There are two methods of detecting exoplanets, that don't rely on their being on an alignment of star, planet, and Earth.  Radial velocity tracks the tiny movements of the star, as a planet's gravity pulls at it, first from one side, then from the other. Ultra-high precision measurement is required. Direct detection of the planet is sometimes possible, and this method is being improved all the time. Competing, much brighter, light from the star is the main problem to be overcome, with this method.    
Comment icon #6 Posted by pallidin on 9 June, 2018, 18:27
I recall many years ago in my childhood, when extrasolar planets were not yet discovered, that the thought of there being other planets outside of our solar system was considered absurd by some members of the scientific community. Now it's formally accepted. For myself it will be stunning what the new technologies of space telescopes will be able to image, as well as spectral analysis of those planets atmospheres.
Comment icon #7 Posted by Seti42 on 9 June, 2018, 22:21
Good to know, thanks. That does make sense, but I hadn't heard that such methods were viable. They always talk about the transit dimming method when new discoveries are revealed.
Comment icon #8 Posted by Noteverythingisaconspiracy on 9 June, 2018, 22:29
It is going to be exiting when ESO's aptly named Extremely Large Telescope becomes operational, which should be in 2024. (artist impression)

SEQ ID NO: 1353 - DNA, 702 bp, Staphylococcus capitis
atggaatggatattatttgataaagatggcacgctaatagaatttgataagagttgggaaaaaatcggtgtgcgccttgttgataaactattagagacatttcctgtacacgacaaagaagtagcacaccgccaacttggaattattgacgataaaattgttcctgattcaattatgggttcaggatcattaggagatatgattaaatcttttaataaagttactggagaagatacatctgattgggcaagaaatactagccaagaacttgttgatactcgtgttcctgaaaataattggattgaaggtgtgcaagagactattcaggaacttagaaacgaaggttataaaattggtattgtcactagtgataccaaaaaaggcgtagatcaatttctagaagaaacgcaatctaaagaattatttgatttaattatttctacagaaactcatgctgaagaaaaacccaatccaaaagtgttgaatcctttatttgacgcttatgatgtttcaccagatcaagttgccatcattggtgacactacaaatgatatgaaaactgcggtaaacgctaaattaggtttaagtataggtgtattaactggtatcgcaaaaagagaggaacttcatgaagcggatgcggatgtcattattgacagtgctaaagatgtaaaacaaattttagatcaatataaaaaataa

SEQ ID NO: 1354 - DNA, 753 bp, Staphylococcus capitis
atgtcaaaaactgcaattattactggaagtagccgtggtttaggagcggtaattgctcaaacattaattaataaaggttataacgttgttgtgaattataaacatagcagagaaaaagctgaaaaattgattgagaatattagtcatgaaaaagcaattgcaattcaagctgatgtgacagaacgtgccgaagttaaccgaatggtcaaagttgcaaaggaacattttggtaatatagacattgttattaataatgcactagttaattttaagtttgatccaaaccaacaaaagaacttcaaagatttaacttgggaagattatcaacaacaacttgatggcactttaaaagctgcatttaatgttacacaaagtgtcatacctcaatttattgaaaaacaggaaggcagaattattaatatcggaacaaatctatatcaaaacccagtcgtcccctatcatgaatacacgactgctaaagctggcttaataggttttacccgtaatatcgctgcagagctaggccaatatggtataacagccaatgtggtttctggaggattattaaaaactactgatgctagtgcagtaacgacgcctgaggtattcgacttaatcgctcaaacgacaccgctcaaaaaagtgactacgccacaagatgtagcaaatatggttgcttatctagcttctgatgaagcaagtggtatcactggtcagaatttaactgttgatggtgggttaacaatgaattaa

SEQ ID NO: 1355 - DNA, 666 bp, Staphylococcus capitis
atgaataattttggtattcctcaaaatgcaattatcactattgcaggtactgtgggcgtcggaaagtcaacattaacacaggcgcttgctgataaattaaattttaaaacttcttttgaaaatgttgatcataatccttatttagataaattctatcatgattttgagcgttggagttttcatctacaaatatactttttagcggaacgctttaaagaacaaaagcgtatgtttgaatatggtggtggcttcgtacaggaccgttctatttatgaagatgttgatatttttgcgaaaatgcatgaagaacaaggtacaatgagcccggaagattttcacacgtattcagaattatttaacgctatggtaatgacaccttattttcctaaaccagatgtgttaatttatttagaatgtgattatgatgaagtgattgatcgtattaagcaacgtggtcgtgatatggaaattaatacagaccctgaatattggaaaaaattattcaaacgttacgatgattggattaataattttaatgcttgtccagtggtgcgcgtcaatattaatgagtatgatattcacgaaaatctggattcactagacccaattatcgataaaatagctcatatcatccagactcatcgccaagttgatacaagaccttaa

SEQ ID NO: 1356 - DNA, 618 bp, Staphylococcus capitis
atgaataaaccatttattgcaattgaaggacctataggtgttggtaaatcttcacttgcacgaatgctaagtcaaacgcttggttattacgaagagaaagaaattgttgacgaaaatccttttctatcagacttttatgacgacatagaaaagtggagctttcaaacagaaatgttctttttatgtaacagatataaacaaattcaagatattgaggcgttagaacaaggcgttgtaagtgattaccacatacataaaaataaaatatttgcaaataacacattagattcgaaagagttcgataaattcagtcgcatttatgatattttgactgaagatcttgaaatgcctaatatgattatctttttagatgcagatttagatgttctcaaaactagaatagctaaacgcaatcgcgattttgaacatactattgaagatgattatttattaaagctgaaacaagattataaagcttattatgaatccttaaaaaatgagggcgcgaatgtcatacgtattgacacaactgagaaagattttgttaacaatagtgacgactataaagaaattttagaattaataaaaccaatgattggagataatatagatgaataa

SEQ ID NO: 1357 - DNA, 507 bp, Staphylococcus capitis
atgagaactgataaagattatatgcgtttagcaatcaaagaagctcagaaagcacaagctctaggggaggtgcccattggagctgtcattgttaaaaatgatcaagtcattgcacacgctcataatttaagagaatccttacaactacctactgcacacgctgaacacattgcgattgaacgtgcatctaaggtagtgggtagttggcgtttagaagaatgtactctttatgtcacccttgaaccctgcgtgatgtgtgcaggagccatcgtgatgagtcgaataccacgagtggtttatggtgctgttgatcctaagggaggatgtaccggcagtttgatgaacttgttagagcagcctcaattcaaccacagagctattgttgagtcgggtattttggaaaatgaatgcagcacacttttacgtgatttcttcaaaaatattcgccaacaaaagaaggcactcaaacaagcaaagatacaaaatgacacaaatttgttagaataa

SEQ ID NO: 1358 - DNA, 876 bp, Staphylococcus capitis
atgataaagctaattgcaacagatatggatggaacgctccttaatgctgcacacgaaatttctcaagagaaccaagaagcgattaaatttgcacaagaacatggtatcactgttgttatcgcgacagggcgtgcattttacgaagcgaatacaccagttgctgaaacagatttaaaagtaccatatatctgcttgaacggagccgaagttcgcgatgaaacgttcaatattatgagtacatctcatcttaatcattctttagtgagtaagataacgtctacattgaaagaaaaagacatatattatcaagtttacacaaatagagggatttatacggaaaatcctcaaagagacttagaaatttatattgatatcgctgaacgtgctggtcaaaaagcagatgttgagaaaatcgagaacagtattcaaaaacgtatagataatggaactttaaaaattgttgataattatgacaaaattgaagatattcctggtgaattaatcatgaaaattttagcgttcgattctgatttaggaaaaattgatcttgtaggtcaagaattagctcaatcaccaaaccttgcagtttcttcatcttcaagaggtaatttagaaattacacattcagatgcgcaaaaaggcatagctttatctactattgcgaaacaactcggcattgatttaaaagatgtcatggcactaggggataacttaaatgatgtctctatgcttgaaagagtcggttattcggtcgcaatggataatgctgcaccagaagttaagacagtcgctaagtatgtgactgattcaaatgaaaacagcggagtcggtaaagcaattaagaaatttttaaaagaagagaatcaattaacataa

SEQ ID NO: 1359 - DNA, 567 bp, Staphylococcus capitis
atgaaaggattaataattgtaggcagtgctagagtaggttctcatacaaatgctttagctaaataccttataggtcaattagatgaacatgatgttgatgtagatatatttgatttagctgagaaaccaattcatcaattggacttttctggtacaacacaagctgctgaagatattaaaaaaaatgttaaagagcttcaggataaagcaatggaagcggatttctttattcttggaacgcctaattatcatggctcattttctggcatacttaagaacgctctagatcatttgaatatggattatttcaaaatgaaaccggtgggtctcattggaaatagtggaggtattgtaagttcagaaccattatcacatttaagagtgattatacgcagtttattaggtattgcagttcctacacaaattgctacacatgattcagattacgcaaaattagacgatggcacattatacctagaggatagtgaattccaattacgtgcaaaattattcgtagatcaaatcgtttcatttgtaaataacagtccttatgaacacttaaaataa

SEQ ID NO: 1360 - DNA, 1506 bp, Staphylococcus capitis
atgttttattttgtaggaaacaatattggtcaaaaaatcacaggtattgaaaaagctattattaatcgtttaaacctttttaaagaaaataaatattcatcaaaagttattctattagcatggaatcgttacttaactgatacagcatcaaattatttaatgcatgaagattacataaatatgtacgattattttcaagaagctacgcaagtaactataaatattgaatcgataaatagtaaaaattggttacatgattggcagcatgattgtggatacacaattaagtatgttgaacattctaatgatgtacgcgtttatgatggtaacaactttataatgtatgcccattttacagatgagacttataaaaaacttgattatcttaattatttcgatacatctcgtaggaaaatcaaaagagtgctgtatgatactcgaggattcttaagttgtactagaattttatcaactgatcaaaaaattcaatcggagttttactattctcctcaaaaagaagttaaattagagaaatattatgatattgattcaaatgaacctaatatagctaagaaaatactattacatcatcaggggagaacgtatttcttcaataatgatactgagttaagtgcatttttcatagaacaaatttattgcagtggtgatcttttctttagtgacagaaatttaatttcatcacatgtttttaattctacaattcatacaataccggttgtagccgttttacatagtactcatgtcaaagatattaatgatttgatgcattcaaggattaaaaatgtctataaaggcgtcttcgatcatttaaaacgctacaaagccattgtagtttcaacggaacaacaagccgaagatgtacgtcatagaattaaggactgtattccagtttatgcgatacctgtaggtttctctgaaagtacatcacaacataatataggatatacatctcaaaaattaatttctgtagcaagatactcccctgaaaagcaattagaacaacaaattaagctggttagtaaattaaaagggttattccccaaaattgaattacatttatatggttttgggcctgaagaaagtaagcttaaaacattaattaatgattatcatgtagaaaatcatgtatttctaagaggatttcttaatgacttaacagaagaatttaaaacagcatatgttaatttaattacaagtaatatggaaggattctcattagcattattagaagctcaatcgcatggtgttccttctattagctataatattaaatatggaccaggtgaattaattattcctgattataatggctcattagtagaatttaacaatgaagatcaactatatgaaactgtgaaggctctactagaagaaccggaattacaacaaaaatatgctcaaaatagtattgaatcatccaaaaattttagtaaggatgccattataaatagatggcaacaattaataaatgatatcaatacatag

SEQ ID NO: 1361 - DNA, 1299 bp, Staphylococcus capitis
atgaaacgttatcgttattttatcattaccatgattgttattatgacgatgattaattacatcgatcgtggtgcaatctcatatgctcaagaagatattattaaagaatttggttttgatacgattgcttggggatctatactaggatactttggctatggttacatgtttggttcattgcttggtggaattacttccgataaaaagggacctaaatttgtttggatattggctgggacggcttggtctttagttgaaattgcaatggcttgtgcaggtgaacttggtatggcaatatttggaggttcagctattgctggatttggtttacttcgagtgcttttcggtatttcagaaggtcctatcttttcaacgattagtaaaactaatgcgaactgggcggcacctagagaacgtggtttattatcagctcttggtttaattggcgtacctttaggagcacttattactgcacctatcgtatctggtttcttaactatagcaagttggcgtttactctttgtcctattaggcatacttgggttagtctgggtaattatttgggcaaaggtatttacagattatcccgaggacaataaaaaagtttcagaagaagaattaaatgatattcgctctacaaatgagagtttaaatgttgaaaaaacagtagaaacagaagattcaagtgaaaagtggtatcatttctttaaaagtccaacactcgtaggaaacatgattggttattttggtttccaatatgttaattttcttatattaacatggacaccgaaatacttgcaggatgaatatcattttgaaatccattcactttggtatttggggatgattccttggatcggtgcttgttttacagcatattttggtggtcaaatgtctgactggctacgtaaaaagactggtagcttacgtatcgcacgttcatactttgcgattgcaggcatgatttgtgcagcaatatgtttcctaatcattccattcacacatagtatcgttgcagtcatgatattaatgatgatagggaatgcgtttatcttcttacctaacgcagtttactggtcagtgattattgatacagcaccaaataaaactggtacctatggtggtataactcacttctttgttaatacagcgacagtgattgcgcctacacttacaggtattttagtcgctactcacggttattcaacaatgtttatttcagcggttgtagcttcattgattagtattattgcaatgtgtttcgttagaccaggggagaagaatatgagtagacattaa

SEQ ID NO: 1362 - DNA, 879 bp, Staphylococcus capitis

Please Login or Register to post a comment.

  On the forums
Forum posts:
Forum topics:


Cafe closes doors due to paranormal activity
A cafe in San Antonio has closed up shop after its owners captured something unusual on camera.
Mystery surrounds stolen Columbus letter
A copy of a letter written by Christopher Columbus was stolen from the Vatican and replaced with a fake.
Mars dust storm has encircled the entire planet
The dust storm that left the Opportunity rover out of commission is now classed as 'planet-encircling'.
Koko the sign language gorilla dies aged 46
A gentle gorilla who famously mastered sign language and understood 2,000 words has sadly passed away.
Featured Videos
Gallery icon 
The conjoined teachers
Posted 6-24-2018 | 0 comments
Conjoined twins Abby and Brittany Hensel have aspirations to become school teachers.
Hermit crab finds a new home
Posted 6-18-2018 | 1 comment
Hermit crabs on this tropical island have been experiencing something of a housing shortage.
Throwing water at -52 below zero
Posted 6-10-2018 | 1 comment
What happens when you throw hot water in to the air in extreme freezing temperatures ?
 View: More videos
Stories & Experiences
Huge black triangle UFO
6-13-2018 | Mt Maunganui New Zealand
Ghastly intuition
6-13-2018 | Bay Area CA
A haunted... desk?
6-13-2018 | Peoria, Illinois
Mystery bristle brush
5-9-2018 | Whittier, U.S.A.
Dreams and clues to the future
3-31-2018 | Philippines and Germany
Black cloaked figure
3-31-2018 | Carlisle, Cumbria, England
Three knocks
3-8-2018 | Canada
Two shadows of me
3-8-2018 | Bellflower, LA
I think I know what I saw
3-5-2018 | Near Sultan, Washington
Ghost, or something else ?
3-5-2018 | Ohio, USA

         More stories | Send us your story
Top   |  Home   |   Forum   |   News   |   Image Gallery   |  Columns   |   Encyclopedia   |   Videos   |   Polls
UM-X 10.7 © 2001-2018
Terms   |   Privacy Policy   |   Cookies   |   Advertise   |   Contact   |   Help/FAQ